On March 11, 2011, a massive tsunami caused a meltdown at the Fukushima nuclear plant in Japan. The meltdown had an array of environmental impacts- nuclear pollution was released into the atmosphere, seeped into the ground and spilled into the ocean. The severity of the disaster has caused waves of public protests and outrage over the use of nuclear power in Japan. When the Fukushima accident occurred, Japan was dependent on nuclear power for thirty percent of its electricity and was committed to increasing dependency.

In response to public outrage, National Policy Minister Motohisa Furukawa announced plans this week to implement policies that will eliminate the use of nuclear power in Japan by 2040. This means that Japan will need to import more oil and natural gas. The shift will increase the cost of energy in Japan and has the potential to bankrupt utility companies.  Increasing the reliance on fossil fuels, as opposed to nuclear power which does not emit greenhouse gases, will also increase Japan’s carbon footprint.

On the other hand, the lack of nuclear power in Japan will reduce the likelihood of another Fukushima accident and will reduce “the risk of nuclear contamination on a large scale, nuclear proliferation, and other extreme hazards.” When assessing this policy change from an international perspective, it seems that while there is not conclusive evidence that terrorists have attempted to steal weapons material or that Japan would ever decide to nuclearize (Article 5 of their Constitution bans that), the potential of material getting into the wrong hands would be so disastrous that this is probably a good thing from a US perspective.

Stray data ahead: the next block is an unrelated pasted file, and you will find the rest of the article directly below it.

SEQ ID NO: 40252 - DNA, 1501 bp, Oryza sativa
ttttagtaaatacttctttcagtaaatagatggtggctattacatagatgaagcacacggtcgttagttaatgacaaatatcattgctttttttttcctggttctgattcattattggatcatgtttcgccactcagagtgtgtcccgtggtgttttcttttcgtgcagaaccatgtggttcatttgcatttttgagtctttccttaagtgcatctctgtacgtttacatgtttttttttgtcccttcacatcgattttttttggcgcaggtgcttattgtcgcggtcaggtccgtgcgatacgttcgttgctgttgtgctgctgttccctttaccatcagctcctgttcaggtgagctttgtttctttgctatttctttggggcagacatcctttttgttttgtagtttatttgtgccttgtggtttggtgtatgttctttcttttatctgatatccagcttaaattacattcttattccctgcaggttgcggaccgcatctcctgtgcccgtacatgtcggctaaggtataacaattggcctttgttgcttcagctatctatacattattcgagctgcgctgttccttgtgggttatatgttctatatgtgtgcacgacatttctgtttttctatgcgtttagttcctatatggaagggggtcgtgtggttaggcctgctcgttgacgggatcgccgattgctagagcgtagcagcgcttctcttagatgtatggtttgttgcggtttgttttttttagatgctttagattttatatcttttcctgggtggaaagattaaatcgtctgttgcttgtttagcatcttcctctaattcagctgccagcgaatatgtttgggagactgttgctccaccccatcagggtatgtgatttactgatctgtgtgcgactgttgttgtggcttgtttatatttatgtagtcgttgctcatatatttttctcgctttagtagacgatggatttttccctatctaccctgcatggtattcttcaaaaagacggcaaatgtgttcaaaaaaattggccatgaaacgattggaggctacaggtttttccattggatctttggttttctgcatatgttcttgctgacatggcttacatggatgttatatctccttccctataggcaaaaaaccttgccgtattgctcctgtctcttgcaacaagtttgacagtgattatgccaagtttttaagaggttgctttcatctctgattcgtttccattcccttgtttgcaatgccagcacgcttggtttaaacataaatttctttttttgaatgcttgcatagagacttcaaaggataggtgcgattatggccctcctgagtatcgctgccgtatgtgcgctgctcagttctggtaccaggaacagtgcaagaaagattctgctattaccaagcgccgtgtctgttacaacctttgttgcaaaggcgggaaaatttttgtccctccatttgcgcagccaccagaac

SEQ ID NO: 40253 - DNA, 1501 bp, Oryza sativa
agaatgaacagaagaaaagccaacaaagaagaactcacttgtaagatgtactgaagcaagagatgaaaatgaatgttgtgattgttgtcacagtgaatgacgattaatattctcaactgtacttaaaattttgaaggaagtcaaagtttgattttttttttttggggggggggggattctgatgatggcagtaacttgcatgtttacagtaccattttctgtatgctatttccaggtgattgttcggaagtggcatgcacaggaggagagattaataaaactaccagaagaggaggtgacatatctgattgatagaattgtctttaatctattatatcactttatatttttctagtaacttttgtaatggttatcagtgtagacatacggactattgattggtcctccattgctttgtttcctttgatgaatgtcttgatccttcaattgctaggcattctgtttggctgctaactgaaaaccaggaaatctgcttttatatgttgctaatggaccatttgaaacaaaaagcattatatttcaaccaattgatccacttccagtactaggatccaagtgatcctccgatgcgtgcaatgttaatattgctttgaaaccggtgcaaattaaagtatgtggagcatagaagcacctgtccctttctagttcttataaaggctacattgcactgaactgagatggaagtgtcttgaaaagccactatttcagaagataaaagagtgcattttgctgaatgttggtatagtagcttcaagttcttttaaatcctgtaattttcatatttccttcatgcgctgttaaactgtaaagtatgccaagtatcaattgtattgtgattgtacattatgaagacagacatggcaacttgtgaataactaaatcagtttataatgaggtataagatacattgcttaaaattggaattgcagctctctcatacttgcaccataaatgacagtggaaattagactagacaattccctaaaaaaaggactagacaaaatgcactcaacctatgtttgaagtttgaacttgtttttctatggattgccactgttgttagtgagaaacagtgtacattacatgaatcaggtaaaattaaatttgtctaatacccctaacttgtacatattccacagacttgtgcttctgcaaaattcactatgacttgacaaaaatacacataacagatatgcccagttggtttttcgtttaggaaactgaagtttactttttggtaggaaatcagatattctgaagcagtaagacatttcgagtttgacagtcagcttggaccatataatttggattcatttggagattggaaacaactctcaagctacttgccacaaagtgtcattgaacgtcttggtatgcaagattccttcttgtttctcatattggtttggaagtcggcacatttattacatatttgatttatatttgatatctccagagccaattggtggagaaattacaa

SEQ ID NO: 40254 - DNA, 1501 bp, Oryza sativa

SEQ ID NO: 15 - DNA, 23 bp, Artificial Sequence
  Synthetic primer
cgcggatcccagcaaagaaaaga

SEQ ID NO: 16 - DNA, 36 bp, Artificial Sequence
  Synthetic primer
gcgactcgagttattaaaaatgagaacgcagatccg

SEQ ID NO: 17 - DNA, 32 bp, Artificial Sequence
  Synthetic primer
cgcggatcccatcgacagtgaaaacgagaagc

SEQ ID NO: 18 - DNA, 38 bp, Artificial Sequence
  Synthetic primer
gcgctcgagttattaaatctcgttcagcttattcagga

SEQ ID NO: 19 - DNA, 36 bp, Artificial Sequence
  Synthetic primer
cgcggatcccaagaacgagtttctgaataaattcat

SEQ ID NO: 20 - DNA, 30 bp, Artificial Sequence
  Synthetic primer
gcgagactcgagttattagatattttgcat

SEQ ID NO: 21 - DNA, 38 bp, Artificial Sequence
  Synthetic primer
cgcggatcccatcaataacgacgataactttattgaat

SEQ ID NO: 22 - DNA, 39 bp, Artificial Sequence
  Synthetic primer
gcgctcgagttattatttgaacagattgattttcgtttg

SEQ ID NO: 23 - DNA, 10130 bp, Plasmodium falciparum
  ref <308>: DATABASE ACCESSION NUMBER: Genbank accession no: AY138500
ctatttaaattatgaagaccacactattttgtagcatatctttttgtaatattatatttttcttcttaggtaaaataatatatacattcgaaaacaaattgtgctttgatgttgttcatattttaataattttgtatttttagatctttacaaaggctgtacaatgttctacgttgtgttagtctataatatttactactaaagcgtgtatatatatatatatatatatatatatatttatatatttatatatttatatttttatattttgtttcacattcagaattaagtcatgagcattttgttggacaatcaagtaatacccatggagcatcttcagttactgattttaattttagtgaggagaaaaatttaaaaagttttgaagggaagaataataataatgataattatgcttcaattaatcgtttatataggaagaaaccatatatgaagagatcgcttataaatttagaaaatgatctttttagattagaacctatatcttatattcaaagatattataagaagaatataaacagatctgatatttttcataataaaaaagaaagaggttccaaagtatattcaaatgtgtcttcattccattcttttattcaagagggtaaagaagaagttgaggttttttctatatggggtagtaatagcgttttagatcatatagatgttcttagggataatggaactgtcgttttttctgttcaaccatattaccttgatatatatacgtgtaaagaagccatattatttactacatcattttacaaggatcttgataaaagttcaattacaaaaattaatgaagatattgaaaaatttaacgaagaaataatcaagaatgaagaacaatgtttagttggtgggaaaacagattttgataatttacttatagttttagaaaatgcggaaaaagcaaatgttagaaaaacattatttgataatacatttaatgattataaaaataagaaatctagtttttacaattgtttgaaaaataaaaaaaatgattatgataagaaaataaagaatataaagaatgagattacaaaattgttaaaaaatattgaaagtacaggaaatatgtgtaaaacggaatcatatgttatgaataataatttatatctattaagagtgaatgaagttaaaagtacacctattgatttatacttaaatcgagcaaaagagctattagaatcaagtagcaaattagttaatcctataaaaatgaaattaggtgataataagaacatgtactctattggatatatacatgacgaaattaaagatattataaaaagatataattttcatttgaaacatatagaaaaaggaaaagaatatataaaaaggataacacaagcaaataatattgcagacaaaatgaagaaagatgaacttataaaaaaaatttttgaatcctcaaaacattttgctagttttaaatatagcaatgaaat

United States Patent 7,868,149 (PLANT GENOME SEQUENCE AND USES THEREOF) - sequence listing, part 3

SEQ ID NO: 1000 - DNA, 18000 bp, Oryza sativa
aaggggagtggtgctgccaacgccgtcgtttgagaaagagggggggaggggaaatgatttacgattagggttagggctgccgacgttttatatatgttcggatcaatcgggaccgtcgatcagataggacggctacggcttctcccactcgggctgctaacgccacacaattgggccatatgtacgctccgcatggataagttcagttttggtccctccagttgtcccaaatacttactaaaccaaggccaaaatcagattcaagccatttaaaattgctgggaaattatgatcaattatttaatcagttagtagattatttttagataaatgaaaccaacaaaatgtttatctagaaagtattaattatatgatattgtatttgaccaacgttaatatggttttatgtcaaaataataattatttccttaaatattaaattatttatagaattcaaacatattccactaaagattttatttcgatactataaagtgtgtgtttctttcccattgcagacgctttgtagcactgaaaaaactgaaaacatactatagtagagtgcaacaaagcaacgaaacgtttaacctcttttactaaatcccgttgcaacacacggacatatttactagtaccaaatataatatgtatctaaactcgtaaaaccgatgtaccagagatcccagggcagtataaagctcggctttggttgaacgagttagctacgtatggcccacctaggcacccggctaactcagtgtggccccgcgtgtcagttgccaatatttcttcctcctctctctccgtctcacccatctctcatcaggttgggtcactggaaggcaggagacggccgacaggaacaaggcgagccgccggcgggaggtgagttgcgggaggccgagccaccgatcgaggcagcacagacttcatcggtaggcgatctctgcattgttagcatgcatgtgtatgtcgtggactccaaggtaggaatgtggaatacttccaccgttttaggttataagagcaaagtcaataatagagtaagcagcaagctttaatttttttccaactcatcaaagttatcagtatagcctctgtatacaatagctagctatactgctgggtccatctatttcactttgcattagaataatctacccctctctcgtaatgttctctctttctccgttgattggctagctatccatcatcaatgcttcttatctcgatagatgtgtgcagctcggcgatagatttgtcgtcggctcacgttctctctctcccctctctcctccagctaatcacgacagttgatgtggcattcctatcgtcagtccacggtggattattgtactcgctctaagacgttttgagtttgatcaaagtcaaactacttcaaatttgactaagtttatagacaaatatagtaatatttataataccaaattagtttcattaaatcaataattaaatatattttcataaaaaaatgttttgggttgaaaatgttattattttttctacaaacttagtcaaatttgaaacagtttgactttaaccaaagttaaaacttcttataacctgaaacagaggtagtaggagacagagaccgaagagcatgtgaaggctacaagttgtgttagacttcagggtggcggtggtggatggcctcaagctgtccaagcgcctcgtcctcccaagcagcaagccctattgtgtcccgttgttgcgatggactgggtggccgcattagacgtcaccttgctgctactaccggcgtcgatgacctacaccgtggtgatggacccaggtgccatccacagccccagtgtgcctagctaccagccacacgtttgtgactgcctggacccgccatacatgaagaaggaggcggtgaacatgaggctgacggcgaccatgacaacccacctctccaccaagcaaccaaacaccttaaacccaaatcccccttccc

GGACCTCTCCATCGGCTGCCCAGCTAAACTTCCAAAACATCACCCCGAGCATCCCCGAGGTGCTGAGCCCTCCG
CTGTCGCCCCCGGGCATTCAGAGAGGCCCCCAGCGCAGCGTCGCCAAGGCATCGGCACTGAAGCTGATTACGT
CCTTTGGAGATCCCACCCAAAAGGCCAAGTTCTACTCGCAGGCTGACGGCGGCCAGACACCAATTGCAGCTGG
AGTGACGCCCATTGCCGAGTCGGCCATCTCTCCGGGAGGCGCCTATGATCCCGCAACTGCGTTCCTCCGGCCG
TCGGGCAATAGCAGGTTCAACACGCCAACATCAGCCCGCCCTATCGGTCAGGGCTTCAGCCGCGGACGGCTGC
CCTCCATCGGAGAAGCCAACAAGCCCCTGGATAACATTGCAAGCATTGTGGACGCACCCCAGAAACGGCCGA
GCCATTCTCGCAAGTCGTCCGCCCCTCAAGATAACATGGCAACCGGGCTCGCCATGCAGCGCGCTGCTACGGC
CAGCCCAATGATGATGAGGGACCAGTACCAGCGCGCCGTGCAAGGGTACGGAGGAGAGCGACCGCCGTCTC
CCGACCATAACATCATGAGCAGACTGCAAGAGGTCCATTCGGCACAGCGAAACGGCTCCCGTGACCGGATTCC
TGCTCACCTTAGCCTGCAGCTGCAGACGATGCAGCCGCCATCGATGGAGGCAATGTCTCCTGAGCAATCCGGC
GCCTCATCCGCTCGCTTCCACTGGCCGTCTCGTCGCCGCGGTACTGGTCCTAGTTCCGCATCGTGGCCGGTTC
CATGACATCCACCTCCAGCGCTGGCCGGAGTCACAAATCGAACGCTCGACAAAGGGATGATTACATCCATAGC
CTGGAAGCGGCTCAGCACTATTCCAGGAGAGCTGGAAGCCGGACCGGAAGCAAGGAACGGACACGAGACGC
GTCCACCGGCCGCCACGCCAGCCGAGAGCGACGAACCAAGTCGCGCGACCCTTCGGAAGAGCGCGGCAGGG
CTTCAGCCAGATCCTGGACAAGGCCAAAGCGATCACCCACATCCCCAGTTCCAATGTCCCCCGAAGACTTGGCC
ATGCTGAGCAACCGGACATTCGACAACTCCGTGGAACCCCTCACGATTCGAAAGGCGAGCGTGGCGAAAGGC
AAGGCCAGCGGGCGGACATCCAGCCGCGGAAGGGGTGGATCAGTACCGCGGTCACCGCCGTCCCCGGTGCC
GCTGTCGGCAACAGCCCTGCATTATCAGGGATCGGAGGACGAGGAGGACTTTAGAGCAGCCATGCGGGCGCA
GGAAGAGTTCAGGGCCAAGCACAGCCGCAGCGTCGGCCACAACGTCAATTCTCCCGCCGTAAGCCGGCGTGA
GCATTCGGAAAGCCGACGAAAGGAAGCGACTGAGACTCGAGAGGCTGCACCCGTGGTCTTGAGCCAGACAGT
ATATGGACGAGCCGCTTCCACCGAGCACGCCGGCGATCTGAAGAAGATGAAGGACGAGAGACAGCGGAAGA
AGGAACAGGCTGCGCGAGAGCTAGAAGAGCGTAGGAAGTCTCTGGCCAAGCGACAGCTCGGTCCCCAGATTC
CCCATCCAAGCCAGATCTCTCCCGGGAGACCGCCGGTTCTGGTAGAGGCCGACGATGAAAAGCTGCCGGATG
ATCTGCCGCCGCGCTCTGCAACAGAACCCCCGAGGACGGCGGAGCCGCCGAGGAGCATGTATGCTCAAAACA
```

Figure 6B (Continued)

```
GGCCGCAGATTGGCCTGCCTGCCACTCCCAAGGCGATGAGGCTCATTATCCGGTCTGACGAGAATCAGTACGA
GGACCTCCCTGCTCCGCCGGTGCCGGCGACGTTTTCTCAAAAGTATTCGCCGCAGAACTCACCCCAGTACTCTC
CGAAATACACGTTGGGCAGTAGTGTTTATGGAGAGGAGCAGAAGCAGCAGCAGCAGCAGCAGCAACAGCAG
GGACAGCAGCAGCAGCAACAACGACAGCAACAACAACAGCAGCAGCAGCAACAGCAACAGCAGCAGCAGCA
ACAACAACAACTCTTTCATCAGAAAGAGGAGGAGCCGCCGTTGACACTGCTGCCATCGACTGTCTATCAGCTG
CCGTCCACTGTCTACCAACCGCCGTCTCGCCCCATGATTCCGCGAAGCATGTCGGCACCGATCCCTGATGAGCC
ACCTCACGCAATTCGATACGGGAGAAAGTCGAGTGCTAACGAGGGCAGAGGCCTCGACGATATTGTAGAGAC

Middle East Powder Keg: Effects of the Syrian Conflict

Al Qaim, Iraq in the heart of the Sunni province of Anbar has been caught in the middle of the Syrian conflict between Sunni rebel forces and President Bashar al-Assad’s forces. Al Qaim is located at the border of Iraq and Syria and for the past decade has been a crucial gateway between Syria and Iraq. This gateway in the past was used by Sunni insurgents and former Baathists during the Iraq war but now is being used by Iraqi Sunnis in the region to ferry over supplies and help to there Sunni brethren fighting al-Assad. Al Qaim also currently has thousands of Syrian refugees inside its city and on the border that have been displaced by the war, which the Iraqi Sunnis have been giving aid to. The problem is the Iraqi government who currently has a Shiite majority is backing the government of al-Assad. So many of Iraq’s leaders are worried that al-Assad were to fall and a Sunni regime were to come into power, it would embolden Iraqi Sunnis and flare up sectarian tensions in Iraq.